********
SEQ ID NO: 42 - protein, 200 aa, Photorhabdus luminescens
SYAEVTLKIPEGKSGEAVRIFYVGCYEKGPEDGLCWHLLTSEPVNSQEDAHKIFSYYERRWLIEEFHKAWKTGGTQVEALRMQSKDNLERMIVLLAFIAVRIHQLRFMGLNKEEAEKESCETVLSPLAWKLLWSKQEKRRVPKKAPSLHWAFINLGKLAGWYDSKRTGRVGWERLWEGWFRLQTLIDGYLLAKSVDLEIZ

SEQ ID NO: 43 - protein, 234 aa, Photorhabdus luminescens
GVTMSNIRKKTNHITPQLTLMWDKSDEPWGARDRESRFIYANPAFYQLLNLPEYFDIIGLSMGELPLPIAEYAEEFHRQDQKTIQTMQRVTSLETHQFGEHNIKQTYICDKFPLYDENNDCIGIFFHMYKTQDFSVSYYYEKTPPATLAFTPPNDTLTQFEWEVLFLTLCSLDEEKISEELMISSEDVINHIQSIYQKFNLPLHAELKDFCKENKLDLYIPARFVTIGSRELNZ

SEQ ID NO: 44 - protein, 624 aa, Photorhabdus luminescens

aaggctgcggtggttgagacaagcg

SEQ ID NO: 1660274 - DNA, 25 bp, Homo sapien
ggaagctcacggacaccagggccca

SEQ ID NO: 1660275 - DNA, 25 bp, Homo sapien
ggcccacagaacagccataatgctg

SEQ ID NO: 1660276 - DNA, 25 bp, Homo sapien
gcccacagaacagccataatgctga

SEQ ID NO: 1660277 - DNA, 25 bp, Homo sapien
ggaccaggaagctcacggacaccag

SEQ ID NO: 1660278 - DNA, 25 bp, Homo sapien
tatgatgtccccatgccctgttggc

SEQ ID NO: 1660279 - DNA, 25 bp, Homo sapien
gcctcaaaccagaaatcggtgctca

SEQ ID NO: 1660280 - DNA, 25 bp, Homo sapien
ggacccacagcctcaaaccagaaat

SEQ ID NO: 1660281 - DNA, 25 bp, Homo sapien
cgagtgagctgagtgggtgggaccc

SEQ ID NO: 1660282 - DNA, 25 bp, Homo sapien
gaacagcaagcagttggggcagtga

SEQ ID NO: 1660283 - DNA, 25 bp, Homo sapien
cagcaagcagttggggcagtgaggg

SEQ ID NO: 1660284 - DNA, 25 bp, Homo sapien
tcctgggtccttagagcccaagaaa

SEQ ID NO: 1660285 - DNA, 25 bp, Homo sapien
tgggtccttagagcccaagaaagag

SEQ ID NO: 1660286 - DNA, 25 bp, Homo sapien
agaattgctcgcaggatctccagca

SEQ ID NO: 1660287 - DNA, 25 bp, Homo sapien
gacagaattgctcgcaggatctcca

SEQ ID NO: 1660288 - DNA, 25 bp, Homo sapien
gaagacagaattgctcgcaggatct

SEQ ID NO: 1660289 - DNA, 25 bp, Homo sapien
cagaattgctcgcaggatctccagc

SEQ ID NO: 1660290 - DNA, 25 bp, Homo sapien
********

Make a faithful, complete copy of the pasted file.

SEQ ID NO: 42 - protein, 200 aa, Photorhabdus luminescens
SYAEVTLKIPEGKSGEAVRIFYVGCYEKGPEDGLCWHLLTSEPVNSQEDAHKIFSYYERRWLIEEFHKAWKTGGTQVEALRMQSKDNLERMIVLLAFIAVRIHQLRFMGLNKEEAEKESCETVLSPLAWKLLWSKQEKRRVPKKAPSLHWAFINLGKLAGWYDSKRTGRVGWERLWEGWFRLQTLIDGYLLAKSVDLEIZ

SEQ ID NO: 43 - protein, 234 aa, Photorhabdus luminescens
GVTMSNIRKKTNHITPQLTLMWDKSDEPWGARDRESRFIYANPAFYQLLNLPEYFDIIGLSMGELPLPIAEYAEEFHRQDQKTIQTMQRVTSLETHQFGEHNIKQTYICDKFPLYDENNDCIGIFFHMYKTQDFSVSYYYEKTPPATLAFTPPNDTLTQFEWEVLFLTLCSLDEEKISEELMISSEDVINHIQSIYQKFNLPLHAELKDFCKENKLDLYIPARFVTIGSRELNZ

SEQ ID NO: 44 - protein, 624 aa, Photorhabdus luminescens

aaggctgcggtggttgagacaagcg

SEQ ID NO: 1660274 - DNA, 25 bp, Homo sapien
ggaagctcacggacaccagggccca

SEQ ID NO: 1660275 - DNA, 25 bp, Homo sapien
ggcccacagaacagccataatgctg

SEQ ID NO: 1660276 - DNA, 25 bp, Homo sapien
gcccacagaacagccataatgctga

SEQ ID NO: 1660277 - DNA, 25 bp, Homo sapien
ggaccaggaagctcacggacaccag

SEQ ID NO: 1660278 - DNA, 25 bp, Homo sapien
tatgatgtccccatgccctgttggc

SEQ ID NO: 1660279 - DNA, 25 bp, Homo sapien
gcctcaaaccagaaatcggtgctca

SEQ ID NO: 1660280 - DNA, 25 bp, Homo sapien
ggacccacagcctcaaaccagaaat

SEQ ID NO: 1660281 - DNA, 25 bp, Homo sapien
cgagtgagctgagtgggtgggaccc

SEQ ID NO: 1660282 - DNA, 25 bp, Homo sapien
gaacagcaagcagttggggcagtga

SEQ ID NO: 1660283 - DNA, 25 bp, Homo sapien
cagcaagcagttggggcagtgaggg

SEQ ID NO: 1660284 - DNA, 25 bp, Homo sapien
tcctgggtccttagagcccaagaaa

SEQ ID NO: 1660285 - DNA, 25 bp, Homo sapien
tgggtccttagagcccaagaaagag

SEQ ID NO: 1660286 - DNA, 25 bp, Homo sapien
agaattgctcgcaggatctccagca

SEQ ID NO: 1660287 - DNA, 25 bp, Homo sapien
gacagaattgctcgcaggatctcca

SEQ ID NO: 1660288 - DNA, 25 bp, Homo sapien
gaagacagaattgctcgcaggatct

SEQ ID NO: 1660289 - DNA, 25 bp, Homo sapien
cagaattgctcgcaggatctccagc

SEQ ID NO: 1660290 - DNA, 25 bp, Homo sapien